One person posts “Me Too.” One person answers “I believe you.” And that exchange will never make the news, but make no mistake. This is what changes the power in the world. There’s no way to tell the truth and have things stay unchanged.

And so it is that God sends her messengers to tell the truth of what could be: Get ready for a world where people live in safety and no one goes to prison. Where the people who used to be afraid decide to give up their guns; where the wealthy give away their money; where militaries build bridges. Where the poor have food, and stable housing, and health care. Where children aren’t afraid of adults and refugees are welcomed home in a new place; where people walk gently on the earth and care for creation. “For nothing will be impossible, but you have to help us, oh and here take this baby will you?” says the LORD our God.

Now if the story stopped here on this question, it’s no wonder the promise would fall flat. The skeptics would be proved right; the feasibility studies would show their dismal results. How can we really believe in any of this?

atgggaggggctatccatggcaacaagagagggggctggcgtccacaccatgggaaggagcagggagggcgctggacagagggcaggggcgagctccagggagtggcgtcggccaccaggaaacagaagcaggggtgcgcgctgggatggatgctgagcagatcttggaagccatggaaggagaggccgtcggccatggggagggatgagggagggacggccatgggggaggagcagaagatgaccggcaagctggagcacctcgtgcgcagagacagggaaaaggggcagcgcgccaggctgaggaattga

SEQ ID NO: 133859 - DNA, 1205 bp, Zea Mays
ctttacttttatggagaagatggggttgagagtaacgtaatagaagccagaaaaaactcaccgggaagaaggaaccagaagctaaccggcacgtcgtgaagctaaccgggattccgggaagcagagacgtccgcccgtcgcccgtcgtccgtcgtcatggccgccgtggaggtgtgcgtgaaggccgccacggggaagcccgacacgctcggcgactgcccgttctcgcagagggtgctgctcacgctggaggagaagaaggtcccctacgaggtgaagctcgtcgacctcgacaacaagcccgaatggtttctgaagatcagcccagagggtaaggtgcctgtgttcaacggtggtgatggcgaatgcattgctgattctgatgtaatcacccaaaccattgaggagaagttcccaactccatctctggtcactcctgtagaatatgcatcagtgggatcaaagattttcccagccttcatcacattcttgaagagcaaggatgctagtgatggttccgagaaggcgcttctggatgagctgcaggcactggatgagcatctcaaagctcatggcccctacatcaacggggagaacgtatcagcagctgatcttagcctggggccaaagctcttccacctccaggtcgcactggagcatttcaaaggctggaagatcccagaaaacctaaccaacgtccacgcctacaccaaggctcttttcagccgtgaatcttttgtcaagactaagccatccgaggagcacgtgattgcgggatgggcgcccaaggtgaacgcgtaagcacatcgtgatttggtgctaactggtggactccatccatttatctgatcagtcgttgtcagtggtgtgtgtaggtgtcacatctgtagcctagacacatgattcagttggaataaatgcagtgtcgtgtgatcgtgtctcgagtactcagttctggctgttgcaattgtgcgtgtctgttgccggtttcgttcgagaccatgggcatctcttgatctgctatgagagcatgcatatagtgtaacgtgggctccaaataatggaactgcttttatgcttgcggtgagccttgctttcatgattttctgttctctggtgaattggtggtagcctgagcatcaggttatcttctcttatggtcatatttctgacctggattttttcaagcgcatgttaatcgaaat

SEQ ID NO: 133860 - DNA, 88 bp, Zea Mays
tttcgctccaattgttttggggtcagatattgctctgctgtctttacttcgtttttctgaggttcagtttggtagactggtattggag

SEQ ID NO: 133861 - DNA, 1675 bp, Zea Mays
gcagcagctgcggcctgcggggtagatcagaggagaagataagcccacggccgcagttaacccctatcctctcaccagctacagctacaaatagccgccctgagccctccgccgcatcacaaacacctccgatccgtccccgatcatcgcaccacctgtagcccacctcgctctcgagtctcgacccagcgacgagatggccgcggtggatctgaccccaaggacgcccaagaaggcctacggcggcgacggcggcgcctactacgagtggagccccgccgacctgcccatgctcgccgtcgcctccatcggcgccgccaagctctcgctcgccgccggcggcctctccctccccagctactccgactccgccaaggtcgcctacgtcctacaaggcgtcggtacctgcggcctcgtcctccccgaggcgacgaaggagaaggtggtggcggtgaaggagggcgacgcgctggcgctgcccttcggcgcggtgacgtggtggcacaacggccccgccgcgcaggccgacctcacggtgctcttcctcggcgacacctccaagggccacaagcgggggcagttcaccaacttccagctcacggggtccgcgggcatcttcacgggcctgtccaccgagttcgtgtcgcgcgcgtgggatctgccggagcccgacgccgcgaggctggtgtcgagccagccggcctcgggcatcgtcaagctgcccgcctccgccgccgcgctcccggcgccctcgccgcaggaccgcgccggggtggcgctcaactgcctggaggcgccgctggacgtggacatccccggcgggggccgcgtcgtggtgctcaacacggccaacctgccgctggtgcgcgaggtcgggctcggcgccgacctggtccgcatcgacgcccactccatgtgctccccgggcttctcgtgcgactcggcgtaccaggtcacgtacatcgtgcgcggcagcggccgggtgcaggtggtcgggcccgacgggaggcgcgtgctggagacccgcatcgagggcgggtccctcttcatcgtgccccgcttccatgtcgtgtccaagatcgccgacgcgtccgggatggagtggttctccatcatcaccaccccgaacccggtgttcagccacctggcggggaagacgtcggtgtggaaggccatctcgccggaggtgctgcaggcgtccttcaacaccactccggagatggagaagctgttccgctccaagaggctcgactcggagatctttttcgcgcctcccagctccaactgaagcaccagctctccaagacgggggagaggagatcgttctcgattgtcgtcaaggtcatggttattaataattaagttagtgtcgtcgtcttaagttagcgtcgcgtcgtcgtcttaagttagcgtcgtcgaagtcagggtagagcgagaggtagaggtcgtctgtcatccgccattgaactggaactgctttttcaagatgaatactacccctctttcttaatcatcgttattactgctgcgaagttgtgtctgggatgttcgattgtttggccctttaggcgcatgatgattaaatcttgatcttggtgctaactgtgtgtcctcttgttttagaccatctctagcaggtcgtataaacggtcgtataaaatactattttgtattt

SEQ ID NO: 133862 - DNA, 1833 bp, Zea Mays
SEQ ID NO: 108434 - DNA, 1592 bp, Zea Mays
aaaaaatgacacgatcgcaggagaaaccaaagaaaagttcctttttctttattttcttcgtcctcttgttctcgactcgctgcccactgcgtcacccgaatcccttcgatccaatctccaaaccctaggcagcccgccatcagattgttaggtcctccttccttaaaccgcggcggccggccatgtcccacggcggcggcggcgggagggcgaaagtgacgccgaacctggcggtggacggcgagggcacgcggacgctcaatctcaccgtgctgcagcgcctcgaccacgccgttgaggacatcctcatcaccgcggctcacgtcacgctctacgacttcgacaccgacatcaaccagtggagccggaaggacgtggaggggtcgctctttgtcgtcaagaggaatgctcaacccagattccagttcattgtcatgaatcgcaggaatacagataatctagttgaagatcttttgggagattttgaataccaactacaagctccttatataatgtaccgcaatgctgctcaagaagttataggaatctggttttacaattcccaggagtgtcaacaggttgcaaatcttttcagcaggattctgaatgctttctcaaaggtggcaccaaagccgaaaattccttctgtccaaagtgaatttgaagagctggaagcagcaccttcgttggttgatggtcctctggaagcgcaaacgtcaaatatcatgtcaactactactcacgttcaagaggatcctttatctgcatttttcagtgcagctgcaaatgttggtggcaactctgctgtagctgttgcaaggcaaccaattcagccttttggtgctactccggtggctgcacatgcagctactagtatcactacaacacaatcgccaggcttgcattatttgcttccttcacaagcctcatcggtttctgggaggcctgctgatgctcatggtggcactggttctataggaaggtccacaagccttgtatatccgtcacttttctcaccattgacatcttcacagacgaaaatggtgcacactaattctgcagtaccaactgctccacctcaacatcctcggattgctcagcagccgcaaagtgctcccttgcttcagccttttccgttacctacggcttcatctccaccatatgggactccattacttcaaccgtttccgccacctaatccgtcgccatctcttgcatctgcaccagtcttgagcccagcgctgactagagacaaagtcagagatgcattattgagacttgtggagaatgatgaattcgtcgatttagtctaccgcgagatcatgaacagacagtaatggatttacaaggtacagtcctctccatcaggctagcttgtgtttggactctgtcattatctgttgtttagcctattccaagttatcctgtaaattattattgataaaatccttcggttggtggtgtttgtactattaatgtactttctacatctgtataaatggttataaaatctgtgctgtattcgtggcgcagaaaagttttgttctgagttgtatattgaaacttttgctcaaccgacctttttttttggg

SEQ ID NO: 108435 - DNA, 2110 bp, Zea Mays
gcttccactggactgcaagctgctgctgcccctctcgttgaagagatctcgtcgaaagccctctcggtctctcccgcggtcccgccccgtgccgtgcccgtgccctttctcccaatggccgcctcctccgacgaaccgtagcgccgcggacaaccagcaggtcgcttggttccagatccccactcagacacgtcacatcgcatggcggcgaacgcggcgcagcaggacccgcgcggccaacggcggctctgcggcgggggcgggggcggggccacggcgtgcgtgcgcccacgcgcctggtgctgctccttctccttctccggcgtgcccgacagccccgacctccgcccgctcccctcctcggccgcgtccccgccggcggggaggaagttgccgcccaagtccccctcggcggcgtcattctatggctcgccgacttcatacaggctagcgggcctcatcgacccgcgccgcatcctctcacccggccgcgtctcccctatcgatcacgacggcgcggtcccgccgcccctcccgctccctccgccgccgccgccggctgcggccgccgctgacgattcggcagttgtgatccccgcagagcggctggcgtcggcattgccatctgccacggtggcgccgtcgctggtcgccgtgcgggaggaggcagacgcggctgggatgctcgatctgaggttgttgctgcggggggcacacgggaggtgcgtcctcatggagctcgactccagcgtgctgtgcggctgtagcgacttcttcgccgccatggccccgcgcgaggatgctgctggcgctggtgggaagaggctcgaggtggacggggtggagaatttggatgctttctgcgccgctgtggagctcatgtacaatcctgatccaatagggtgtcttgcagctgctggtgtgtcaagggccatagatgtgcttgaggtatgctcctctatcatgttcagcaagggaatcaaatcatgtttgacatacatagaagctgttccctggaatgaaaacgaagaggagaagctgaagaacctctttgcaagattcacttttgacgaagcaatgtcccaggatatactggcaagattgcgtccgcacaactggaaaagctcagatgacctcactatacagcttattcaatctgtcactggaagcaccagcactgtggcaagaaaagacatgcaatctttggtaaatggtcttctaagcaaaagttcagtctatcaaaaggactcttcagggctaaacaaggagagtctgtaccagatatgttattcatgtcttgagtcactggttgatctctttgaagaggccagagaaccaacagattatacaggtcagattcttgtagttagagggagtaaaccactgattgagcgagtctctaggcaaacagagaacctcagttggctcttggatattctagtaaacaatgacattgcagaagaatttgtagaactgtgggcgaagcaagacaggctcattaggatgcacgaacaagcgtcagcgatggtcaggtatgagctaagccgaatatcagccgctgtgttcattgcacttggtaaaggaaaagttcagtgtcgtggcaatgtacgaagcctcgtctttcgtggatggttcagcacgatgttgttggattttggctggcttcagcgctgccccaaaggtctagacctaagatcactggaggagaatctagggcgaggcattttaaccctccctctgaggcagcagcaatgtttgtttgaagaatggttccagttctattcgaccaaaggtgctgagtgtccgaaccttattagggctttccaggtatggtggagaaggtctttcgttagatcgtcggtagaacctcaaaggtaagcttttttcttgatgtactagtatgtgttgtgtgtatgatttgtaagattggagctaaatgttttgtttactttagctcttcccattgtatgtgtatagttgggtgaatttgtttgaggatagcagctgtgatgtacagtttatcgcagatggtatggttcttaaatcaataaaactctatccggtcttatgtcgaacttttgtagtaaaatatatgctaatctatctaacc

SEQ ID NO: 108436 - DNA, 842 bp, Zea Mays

But when it was Mary who got cornered in a back alley by an angel of the LORD prophesying the impossible future, she did something we might want to try. She listened to what Gabriel had to say; she felt the whoosh of God leaning forward to hear her reply. Then Mary said, “I believe you. Here I am. Let’s do this.” Now for Mary, saying “I believe you” is not agreeing with the evidence presented before her. Instead, saying “I believe you” is signing up to help.

The next thing Mary does is she goes to see her cousin, then her heart cries out in joyful praise, and Mary sings: “My soul magnifies the LORD and my spirit rejoices in God…” She is praising God for this promise to turn the power of the world upside down, a promise she helps fulfill, the same promise that is before us.

Because it really could be us. We could partner with God in turning the power. When people tell the truth of their pain, we could be the ones who hear them and say “I believe you.” And when people tell the truth of their deepest praise, we can say, “I believe you. Let’s do this.”

See the world will never be the same. O sing to the LORD a new song. Sing to the LORD all the earth…

Footnotes   [ + ]

1. lyrics by G.K. Chesterton (additional verses feature updated lyrics by Jane Parker Huber)